Two-dimensional (2D) materials have demonstrated potential applications as electronic materials for fabricating future flexible devices. Unlike bulk materials, they exhibit characteristic physical and chemical properties, making them a research interest. Currently, there are three main methods of synthesizing 2D materials. First, most 2D materials are obtained from the exfoliation of layered bulk crystals, even though this method is inappropriate for pure metals and their alloys like ferromagnetic materials, which cannot be exfoliated into atomic layers. Second, metallic 2D materials can be chemically synthesized via different methods such as chemical vapor deposition. The third option is reducing from the 2D oxide materials, and it supports the exfoliation of metal oxides and hydroxides in chemical solutions. Ruthenium and Platinum metal nanosheets are examples of materials obtained through hydrogen or chemical reduction methods.
The choice of the method for obtaining 2D materials depends on several factors, including the type of 2D materials needed and the available methods. The above-mentioned methods have been extensively explored in the literature. Previous research has demonstrated that chemically obtained nickel hydroxide nanosheets can be directly converted to nickel oxide nanosheets through thermal decomposition. Besides, through hydrogen reduction methods, the resulting nickel oxides can be converted to metallic states. Nevertheless, despite the remarkable progress, the metallic conversions from monolayer oxides have remained a challenge. Consequently, previous research has reported difficulty evaluating the metallization processes, mainly due to the ease of re-oxidations.
To overcome the existing challenges, a team of researchers at Kumamoto University: Yuhsuke Naruo, Seita Uechi, Professor Masahiro Sawada, Professor Asami Funatsu, Professor Fuyuki Shimojo, Professor Shintaro Ida, and Professor Masahiro Hara developed a new method for the direct metallic conversion from two-dimensional nickel hydroxide nanosheets into ferromagnetic nickel-metal nanostructures by thermal annealing under vacuum conditions. Their research work is currently published in the journal, Nanotechnology.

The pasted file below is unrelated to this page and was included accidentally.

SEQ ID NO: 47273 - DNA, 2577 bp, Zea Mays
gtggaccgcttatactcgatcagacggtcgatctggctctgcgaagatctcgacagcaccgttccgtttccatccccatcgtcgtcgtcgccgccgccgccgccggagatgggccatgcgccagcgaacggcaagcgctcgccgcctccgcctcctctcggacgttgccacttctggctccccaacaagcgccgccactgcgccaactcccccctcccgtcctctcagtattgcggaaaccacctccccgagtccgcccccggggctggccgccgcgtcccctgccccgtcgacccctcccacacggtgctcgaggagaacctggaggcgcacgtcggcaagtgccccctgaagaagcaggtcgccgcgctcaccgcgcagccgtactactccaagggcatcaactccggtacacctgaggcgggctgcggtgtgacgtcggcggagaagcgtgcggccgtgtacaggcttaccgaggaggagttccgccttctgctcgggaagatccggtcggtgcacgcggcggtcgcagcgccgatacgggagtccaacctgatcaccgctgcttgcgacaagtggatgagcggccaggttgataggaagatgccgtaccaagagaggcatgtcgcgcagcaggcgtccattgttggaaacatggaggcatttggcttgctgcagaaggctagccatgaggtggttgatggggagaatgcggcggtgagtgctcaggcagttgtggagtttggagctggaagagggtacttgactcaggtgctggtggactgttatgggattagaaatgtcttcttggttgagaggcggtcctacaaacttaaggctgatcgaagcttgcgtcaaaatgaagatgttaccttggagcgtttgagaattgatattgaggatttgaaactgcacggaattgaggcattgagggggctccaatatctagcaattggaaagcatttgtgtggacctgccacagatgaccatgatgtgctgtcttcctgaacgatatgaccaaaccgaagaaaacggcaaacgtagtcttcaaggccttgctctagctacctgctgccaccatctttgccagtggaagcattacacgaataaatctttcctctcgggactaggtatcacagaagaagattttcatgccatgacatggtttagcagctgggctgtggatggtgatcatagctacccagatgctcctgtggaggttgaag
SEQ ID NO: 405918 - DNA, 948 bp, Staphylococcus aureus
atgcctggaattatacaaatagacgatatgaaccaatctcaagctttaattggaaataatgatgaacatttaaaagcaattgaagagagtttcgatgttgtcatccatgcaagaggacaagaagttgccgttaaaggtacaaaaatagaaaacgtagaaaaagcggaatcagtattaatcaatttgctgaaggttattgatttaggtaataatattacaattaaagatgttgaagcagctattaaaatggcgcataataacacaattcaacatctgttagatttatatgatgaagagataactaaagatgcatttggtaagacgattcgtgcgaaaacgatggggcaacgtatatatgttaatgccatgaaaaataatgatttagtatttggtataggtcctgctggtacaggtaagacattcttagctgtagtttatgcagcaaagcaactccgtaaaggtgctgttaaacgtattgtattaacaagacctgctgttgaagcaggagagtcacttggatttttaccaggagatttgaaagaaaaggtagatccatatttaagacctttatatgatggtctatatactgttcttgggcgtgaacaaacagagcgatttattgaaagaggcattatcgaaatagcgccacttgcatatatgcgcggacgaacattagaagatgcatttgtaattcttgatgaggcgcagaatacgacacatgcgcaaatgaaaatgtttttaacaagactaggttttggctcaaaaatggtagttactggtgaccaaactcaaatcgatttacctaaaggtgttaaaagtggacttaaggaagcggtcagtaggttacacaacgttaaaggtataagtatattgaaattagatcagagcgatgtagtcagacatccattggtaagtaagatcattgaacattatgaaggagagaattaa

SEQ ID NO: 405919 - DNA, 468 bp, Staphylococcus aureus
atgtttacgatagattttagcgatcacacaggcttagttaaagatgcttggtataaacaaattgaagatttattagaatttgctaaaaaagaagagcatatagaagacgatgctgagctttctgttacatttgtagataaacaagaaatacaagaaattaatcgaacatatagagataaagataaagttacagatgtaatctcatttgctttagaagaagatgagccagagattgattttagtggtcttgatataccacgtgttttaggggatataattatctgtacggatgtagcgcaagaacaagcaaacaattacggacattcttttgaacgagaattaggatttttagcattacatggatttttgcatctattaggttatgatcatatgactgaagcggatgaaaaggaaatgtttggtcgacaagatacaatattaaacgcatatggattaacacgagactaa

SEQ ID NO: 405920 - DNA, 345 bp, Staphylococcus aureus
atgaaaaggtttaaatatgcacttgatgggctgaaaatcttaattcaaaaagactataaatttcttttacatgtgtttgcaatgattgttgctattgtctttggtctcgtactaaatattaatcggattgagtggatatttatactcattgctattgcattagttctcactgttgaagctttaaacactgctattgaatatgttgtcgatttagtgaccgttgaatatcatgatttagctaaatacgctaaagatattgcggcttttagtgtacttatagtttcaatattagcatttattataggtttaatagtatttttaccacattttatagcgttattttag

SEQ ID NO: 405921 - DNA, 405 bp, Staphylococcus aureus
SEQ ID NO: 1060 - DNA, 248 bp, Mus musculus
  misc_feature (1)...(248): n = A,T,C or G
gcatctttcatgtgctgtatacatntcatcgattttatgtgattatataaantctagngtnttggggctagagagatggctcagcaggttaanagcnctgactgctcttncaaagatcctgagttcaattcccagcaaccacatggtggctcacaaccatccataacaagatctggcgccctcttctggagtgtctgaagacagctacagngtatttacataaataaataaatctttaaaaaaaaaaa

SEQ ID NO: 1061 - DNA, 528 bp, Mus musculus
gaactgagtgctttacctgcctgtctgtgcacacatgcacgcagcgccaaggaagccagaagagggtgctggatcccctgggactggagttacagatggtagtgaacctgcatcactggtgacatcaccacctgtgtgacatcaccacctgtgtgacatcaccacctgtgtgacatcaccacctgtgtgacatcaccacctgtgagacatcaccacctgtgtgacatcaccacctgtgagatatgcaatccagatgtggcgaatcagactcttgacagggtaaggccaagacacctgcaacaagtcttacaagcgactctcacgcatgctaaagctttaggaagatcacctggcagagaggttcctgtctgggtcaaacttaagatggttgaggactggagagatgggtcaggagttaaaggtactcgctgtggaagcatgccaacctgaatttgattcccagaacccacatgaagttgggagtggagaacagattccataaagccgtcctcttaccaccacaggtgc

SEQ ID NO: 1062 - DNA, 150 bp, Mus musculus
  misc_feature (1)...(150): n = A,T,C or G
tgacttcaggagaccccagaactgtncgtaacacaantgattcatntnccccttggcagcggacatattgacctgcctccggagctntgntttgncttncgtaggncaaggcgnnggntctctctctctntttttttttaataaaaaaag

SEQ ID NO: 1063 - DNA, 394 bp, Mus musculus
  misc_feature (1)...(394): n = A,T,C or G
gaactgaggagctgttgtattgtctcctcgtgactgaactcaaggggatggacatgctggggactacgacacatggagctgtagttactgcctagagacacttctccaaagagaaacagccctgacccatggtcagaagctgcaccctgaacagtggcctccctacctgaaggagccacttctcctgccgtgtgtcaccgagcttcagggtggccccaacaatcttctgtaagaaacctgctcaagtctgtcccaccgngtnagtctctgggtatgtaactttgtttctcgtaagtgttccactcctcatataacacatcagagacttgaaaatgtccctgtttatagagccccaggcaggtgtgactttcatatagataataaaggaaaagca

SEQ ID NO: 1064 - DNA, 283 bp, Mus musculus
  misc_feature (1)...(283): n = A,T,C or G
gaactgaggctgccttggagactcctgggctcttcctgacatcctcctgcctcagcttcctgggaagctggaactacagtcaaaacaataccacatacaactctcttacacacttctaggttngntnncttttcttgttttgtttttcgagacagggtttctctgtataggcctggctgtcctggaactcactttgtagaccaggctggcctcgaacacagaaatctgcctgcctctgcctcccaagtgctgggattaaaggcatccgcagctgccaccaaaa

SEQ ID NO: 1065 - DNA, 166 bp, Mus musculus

In this approach, the experiment was carried out under vacuum conditions and at an annealing temperature of 250 °C. The nickel hydroxide nanosheets were exfoliated from layered nickel hydroxide intercalated with dodecyl ions. For the single layer of nanosheets deposited on the Si substrate, their metal transition states were investigated using a variety of sophisticated techniques such as x-ray absorption near edge structure (XANES) and Auger spectra measurements. Additionally, the x-ray magnetic circular dichroism (XMCD) measurements were performed to study the ferromagnetic behavior of the converted 2D-like nickel metal. The in-situ measurements were carried out at ultra-high vacuum to prevent surface oxidation. Comparisons were then made to the existing experimental data.
The author found that at annealing temperatures exceeding 250 °C, the XANES signals significantly changed from a multiple structure to a broad metallic structure. The metallic conversion was accompanied by the dissociation of oxygen, as revealed by the Auger measurements. The converted nickel metallic structures exhibited ferromagnetic behaviors in which the perpendicular magnetization increased with an increase in the annealing temperature. This was attributed to the structural change from the 2D-like structure to nanoparticles. Furthermore, the obtained data were consistent with the existing data.
In summary, the study was the first to report a direct metallic conversion from a monolayer hydroxide. The simple conversion method addressed the inherent challenges that have been experienced in the past to allow successful conversion of exfoliated nickel hydroxide nanosheets into metallic 2D nickel structures. The converted 2D-like nickel-metal structures exhibited ferromagnetic behaviors, making them potential candidates for various applications such as the fabrication of spintronic devices. Based on the exemplary results, the authors, in a statement to the Advances in Engineering, pointed out that the proposed conversion method can be extended for other types of monolayer hydroxide nanosheets and will thus increase more research on the field.
Naruo, Y., Uechi, S., Sawada, M., Funatsu, A., Shimojo, F., Ida, S., & Hara, M. (2020). Ferromagnetic metal conversion directly from two-dimensional nickel hydroxide. Nanotechnology, 31(43), 435602.